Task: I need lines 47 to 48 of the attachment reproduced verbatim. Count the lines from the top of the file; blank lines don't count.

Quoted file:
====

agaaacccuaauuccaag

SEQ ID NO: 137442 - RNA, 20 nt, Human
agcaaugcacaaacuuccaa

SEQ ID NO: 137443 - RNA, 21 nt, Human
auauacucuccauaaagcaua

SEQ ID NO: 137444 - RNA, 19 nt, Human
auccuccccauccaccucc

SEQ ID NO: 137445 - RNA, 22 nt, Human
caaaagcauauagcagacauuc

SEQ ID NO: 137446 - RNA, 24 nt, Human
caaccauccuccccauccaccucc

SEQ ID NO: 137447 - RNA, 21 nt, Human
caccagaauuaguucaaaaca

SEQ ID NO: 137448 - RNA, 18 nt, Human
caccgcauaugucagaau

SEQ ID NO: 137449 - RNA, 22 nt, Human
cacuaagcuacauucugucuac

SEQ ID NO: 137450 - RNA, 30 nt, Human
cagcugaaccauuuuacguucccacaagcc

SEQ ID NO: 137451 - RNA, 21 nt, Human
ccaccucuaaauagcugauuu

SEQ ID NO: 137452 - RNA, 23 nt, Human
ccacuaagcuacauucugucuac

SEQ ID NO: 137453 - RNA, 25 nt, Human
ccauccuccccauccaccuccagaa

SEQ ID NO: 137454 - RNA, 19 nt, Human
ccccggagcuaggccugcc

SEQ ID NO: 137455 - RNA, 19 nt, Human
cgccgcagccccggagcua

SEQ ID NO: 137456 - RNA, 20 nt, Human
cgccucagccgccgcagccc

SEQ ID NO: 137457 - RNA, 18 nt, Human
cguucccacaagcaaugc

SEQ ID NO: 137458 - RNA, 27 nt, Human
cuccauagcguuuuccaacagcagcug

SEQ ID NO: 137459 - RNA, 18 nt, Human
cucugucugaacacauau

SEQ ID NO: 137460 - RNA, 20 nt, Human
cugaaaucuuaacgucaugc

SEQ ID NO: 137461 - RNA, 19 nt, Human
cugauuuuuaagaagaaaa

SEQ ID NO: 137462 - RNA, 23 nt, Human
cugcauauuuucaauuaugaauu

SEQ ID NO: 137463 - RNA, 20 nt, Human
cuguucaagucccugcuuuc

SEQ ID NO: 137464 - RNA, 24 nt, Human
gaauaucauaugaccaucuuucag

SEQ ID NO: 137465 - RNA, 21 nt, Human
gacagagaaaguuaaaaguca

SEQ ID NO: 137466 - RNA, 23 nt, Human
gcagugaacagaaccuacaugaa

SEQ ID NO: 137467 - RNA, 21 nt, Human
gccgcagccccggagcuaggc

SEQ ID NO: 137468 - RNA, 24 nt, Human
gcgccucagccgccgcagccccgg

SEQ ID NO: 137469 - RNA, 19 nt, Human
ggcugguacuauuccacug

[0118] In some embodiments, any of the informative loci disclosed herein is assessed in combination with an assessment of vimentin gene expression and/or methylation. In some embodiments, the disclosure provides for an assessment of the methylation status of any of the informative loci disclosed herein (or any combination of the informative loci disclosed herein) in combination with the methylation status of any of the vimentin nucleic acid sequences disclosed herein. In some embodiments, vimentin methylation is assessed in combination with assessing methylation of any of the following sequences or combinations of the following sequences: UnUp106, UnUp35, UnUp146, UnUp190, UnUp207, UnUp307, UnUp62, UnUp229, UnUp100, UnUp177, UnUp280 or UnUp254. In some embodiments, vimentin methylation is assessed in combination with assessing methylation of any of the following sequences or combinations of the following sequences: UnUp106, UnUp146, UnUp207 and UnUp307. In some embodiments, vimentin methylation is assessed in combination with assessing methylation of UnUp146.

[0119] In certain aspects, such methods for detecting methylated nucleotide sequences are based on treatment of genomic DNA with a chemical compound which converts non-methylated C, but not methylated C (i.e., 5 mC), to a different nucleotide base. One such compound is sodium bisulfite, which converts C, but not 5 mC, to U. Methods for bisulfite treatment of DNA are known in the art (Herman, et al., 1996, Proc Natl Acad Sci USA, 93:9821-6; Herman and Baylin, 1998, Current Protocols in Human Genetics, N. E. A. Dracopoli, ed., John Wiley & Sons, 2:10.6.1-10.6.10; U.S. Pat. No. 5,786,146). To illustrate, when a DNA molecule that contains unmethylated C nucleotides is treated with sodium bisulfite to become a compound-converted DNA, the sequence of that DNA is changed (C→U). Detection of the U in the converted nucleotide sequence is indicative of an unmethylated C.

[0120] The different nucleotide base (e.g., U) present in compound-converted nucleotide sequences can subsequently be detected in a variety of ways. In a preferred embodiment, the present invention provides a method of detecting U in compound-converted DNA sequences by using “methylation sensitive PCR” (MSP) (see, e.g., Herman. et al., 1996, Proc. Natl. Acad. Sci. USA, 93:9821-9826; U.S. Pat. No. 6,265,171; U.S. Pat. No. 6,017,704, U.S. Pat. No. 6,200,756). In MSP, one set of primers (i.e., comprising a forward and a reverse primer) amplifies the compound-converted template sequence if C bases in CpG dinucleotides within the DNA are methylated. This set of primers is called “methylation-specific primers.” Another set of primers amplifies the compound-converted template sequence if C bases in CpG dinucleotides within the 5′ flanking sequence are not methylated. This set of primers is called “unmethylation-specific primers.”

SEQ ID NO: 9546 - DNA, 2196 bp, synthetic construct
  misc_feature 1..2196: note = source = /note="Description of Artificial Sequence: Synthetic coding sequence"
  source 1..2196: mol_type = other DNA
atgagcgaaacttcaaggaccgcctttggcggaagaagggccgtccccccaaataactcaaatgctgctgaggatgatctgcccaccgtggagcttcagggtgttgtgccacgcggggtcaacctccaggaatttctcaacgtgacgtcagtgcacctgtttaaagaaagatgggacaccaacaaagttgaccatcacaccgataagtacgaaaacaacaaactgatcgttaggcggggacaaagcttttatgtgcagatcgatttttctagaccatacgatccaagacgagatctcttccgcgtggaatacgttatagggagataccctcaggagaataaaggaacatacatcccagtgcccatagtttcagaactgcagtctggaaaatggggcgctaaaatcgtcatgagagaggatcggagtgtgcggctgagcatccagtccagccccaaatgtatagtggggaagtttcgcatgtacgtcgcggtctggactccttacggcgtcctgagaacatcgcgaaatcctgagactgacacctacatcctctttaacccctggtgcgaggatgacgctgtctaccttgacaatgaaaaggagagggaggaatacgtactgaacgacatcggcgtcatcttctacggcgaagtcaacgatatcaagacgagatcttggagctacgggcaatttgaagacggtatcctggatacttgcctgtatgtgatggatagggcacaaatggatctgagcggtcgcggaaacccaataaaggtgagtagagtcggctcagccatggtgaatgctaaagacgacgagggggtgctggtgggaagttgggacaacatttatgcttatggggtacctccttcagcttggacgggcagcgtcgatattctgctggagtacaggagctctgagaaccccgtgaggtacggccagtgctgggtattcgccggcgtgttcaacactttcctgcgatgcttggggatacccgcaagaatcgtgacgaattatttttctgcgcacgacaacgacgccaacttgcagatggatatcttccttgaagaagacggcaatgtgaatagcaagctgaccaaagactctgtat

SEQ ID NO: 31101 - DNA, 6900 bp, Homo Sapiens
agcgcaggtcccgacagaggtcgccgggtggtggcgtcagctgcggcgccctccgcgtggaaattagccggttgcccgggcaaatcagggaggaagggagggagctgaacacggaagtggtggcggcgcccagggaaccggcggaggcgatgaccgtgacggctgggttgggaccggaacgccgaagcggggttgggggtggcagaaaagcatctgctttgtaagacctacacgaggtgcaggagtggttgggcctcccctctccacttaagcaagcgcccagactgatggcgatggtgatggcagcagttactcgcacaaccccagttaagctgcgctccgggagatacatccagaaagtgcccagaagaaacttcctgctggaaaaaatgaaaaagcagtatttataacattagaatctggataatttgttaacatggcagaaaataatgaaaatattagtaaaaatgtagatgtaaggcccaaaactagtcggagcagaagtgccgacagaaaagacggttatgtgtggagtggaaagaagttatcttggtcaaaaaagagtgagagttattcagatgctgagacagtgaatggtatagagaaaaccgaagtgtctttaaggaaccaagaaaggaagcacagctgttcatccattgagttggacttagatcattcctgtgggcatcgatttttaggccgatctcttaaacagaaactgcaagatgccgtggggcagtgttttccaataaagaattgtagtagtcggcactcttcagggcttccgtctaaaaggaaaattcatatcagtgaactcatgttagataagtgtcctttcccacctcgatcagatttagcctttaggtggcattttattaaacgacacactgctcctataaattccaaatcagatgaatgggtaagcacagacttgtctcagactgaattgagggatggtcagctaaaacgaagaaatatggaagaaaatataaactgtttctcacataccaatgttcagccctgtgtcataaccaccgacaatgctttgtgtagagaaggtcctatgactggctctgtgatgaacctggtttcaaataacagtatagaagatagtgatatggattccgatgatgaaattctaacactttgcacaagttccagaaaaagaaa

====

gaauaucauaugaccaucuuucag

SEQ ID NO: 137465 - RNA, 21 nt, Human